Introduction to Speakers

Updated: Sep 6, 2020

Loudspeakers, A complete illustrated guide to stereo speakers

Everything You Want To Know About Loudspeakers
Introduction To Speakers

Start here for everything Home Audio.


Loudspeakers are electro-mechanical-acoustic systems. Another word for speaker is transducer. A transducer is a device that converts one type of energy or signal into another. While there are many types of transducers the ones most common to music lovers are the microphone and the speaker. The microphone is at the beginning of the process and converts sound waves into electrical impulses. A speaker is at the end of the process and converts electrical impulses from the amp into acoustic energy (sound.) A loudspeaker typically accomplishes this conversion by causing a diaphragm to vibrate and send vibrations through the air, thereby propagating acoustic waves.

What Kind of Speakers Do I Need?

Your AV professional can help you with your choice. An appropriate speaker system for a particular application would be one that fits the budget, interfaces well with the room size, design and acoustical properties. In addition, it should have sufficient headroom (question: does everyone know what “headroom” means?) for the demands made upon it with flat frequency response, low distortion and freedom from compression. It must accurately reproduce the audio signal sent to it.

Stereo Playback Diagram

Diagram of Stereo Playback
Stereo Playback Diagram

Bravo AV Design Philosophy

In the Audiophile press and on various websites you see people arguing about which component is the most important and often people claim it’s the speakers. We have a different belief. We believe everything in the signal path is important. Therefore our designs focus from the source to the speakers and everything in between. Having said all that the three most significant aspects of a system are: room acoustics, speakers, and source material.

We help you understand everything about speakers
We will educate you on everything you need to know about speakers

At Bravo AV Consulting we take a holistic approach to the design of audio and video systems. We do this by carefully listening to the client’s wants and needs. We then develop a solution that contains the features and benefits that best fit the client’s lifestyle. Since we carry no inventory and have over 50 brands to choose from we can use our creativity and years of experience to craft a system that offers tremendous performance and value for a given budget. During our holistic design process we select components of a similar performance level. We know that the weakest link will be the limiting factor in the systems performance. Therefore, we pay attention to every facet of the AV system: the things you see and the things you don’t see. We also look towards the future and make sure the system has the ability to evolve as new technologies emerge.

To hear quality speakers you do not need a golden ear
You do not need a golden ear to hear quality speakers

The Myth of the Golden Ear and Audio

An audio/video system is a vehicle for conveying the vast emotional and intellectual potential of music. The higher the quality of reproduction the deeper our connection with the music. Bravo AV Consulting sells products in which you can definitely hear the difference. It does not take a trained or “Golden Ear” to know what sounds good. If you have ever seen quality high definition TV you don’t want standard definition anymore. It’s the same way with a good audio system. Once you have heard quality audio and are moved by the music you don’t want to go back to mediocre sound. Because music is important, re-creating it with the highest possible fidelity is important. Many of us have a practical knowledge of things we like and can communicate our preference without possessing the technical knowledge or specific vocabulary of the true expert. We talk with you using straight forward non-technical vocabulary. Come in and have a listen.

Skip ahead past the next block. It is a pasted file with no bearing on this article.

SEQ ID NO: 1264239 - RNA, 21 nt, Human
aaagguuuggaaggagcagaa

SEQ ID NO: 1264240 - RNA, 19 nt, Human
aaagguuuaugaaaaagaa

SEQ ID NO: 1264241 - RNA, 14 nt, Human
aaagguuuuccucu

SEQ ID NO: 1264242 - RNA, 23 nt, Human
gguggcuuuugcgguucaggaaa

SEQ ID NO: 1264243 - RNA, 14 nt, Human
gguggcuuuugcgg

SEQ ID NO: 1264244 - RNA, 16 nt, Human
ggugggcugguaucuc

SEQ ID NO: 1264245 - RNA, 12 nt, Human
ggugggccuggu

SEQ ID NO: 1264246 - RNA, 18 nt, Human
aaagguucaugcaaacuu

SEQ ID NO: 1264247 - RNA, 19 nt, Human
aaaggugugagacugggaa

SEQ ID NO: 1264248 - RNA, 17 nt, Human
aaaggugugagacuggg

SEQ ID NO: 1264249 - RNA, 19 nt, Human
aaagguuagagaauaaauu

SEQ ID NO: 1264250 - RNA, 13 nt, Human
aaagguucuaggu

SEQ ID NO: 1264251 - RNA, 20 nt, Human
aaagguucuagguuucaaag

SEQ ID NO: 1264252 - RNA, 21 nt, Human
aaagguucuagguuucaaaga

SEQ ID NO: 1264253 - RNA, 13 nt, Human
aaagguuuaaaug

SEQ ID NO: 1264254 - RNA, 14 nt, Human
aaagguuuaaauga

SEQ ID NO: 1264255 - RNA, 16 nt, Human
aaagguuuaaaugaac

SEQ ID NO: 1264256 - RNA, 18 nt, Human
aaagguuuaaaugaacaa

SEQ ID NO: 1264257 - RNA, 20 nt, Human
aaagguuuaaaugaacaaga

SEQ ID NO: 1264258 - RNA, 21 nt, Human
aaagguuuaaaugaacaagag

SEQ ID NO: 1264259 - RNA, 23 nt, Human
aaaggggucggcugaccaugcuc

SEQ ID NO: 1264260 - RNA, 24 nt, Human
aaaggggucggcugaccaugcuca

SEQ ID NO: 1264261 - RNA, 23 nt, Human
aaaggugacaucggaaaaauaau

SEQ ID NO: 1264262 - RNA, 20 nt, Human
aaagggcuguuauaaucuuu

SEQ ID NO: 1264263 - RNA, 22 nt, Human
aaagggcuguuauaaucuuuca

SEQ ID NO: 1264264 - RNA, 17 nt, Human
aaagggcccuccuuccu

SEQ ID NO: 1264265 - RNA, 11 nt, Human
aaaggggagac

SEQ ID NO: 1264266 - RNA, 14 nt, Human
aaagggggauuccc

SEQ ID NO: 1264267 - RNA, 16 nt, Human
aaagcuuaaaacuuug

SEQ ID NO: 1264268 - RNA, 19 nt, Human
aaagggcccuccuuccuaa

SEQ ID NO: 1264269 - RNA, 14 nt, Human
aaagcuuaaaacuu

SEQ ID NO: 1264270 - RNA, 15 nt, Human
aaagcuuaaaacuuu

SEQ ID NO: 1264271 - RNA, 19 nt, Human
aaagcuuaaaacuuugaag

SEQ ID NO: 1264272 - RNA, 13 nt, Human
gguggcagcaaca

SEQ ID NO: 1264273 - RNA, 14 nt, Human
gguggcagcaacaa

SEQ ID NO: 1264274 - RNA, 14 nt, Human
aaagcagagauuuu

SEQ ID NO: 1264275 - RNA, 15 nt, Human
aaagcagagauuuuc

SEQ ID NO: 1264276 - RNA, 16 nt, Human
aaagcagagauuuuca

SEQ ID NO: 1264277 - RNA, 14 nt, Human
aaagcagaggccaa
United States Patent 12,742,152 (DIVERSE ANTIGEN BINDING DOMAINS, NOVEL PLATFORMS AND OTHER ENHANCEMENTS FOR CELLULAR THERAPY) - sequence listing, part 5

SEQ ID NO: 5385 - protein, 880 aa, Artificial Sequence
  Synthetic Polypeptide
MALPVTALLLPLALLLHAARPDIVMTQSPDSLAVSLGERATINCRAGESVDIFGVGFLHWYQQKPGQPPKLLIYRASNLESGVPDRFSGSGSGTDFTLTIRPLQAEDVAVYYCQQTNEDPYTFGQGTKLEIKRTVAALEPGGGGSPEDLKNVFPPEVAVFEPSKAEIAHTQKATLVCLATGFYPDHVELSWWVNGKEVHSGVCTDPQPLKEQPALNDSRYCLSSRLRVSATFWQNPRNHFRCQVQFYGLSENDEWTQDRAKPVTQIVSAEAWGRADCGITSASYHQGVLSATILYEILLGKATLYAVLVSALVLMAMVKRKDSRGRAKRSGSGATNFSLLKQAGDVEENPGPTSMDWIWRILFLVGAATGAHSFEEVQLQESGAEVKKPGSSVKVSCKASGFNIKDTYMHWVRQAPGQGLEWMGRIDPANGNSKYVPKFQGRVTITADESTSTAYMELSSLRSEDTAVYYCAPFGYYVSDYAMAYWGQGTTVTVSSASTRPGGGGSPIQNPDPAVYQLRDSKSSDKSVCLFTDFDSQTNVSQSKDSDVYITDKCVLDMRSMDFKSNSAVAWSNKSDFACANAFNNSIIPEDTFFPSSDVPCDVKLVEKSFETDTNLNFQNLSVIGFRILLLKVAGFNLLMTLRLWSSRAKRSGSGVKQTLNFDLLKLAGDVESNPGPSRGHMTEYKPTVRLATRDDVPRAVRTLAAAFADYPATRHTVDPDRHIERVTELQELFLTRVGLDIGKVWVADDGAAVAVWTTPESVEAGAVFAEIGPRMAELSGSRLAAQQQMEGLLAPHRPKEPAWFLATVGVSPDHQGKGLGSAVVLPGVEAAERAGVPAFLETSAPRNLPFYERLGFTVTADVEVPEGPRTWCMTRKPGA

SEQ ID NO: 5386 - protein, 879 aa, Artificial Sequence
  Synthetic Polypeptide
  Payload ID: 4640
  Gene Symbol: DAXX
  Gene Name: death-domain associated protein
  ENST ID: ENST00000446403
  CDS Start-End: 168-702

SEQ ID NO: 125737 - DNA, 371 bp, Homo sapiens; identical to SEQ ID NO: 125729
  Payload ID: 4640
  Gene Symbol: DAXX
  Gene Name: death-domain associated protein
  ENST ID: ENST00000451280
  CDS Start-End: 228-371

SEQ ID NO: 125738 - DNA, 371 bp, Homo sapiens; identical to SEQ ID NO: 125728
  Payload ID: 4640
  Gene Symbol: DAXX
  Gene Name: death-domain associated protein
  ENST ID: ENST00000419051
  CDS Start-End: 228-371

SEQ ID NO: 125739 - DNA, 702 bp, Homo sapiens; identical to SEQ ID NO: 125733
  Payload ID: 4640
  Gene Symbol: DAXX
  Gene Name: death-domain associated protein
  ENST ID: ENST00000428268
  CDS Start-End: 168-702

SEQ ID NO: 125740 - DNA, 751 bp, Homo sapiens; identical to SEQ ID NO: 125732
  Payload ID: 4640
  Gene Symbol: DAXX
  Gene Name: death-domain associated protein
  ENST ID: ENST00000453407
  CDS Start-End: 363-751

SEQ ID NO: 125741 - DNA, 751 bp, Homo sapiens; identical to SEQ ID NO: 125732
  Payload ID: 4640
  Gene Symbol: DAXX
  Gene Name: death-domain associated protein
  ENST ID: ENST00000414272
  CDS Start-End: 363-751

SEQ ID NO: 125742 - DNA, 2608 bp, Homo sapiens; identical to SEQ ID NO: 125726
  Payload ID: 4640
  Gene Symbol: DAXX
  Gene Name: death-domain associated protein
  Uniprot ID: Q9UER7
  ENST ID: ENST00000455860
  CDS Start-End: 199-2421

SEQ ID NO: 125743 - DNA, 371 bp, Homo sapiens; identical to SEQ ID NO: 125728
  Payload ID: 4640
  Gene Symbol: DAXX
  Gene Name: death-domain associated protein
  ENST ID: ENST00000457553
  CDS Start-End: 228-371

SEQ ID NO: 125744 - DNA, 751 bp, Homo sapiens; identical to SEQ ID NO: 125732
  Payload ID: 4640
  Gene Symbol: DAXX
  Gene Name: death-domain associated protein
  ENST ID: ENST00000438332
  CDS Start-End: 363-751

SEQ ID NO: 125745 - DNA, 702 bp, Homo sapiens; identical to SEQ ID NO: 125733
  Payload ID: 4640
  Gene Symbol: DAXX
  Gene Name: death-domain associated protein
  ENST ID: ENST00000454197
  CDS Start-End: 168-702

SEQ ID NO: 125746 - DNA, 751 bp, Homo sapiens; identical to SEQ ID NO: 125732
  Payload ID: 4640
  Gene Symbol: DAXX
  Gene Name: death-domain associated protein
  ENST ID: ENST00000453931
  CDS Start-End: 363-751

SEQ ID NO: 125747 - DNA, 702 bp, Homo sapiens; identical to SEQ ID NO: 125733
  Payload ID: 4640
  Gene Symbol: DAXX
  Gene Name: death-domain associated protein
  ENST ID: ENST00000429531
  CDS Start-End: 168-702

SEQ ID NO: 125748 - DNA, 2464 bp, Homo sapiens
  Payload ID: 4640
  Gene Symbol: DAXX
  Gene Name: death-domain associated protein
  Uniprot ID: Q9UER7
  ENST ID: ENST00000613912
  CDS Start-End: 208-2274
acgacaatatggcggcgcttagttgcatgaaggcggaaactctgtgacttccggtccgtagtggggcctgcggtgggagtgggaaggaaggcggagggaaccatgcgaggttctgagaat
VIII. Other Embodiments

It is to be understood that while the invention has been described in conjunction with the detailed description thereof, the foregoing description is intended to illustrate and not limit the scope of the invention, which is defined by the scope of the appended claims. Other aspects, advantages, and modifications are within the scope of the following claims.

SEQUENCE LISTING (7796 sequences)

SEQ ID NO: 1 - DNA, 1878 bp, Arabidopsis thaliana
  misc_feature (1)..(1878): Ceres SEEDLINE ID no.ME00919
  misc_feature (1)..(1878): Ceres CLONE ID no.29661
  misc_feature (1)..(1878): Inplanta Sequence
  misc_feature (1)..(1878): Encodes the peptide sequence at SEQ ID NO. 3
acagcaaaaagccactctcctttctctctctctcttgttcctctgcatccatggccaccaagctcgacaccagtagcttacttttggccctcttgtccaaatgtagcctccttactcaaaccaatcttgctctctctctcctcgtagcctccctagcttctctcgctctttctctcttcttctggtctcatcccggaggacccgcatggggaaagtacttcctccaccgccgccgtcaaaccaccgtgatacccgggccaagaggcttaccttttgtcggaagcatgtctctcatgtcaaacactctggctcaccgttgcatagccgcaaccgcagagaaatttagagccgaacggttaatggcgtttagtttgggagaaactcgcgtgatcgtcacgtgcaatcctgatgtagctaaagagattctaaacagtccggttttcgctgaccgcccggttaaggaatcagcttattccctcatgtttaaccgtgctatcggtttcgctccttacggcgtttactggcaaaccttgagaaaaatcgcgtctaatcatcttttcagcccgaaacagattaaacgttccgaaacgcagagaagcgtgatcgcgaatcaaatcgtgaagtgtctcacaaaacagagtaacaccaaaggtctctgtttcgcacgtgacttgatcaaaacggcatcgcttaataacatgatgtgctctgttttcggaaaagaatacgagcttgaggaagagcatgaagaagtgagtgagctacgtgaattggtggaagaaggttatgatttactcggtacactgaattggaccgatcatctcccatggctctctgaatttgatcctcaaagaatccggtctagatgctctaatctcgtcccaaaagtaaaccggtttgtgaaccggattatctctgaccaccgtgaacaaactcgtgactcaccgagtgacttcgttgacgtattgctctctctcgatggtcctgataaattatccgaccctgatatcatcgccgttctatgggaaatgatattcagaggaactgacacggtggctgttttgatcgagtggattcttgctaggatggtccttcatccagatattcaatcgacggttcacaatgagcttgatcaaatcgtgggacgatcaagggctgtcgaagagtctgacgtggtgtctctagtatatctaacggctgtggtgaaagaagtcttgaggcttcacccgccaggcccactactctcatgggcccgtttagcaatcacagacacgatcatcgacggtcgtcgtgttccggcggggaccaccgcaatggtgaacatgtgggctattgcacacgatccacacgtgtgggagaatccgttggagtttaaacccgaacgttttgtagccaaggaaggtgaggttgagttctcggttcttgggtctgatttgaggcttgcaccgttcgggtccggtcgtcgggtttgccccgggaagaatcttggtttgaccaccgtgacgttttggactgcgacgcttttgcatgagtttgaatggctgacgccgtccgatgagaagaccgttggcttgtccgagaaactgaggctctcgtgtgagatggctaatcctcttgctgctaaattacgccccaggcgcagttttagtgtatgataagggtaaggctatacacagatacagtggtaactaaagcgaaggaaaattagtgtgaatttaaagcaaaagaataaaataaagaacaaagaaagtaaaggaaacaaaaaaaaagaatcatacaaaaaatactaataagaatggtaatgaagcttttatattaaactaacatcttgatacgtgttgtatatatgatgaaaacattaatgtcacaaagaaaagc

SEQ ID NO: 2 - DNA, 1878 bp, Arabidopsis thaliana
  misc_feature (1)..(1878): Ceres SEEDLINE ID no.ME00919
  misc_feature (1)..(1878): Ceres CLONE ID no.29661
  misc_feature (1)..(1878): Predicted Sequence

Speaker Types


Freestanding speakers do not go in or on a wall but “stand” on the floor. While free standing speakers are most often associated with traditional 2-channel stereo they can be used in surround sound environments.


Architectural speakers can be classified by placement: on wall, in wall, in ceiling and outdoor.

In Wall Are located in the walls. Speakers in this category must usually be less than 4” deep because the wall depth is usually 4”. However some stud depths are 6” allowing speaker manufacturers more freedom to design really great speakers.

In Ceiling Are located in the ceiling. Because the joist depth is often 8 or more inches deep, in ceiling speaker designers have more depth to work with and that lets them create a wide variety of speakers.

In wall and In ceiling characteristics

o Shape Round, rectangular or invisible.

o Quality The quality of in wall and in ceiling speakers can be as outstanding as your budget allows. Long gone are the days when you had to sacrifice sound quality moving from a freestanding speaker to an architectural speaker.

o Invisible Modern invisible speakers sound as good as visible speakers in a similar price range and are very reliable. Invisible speakers are installed to mate seamlessly with the adjoining wall or ceiling and can be finished using the same materials as the surrounding surface including paint, texture, wallpaper or even wood veneers.

o Open baffle vs. sealed enclosure Architectural speakers with open backs are usually less costly, and they can work well for background music in non-critical listening areas. Because there is no enclosure, sound can bleed into adjacent areas and become an annoyance. This result from the fact that as the cone (diaphragm) moves back to its neutral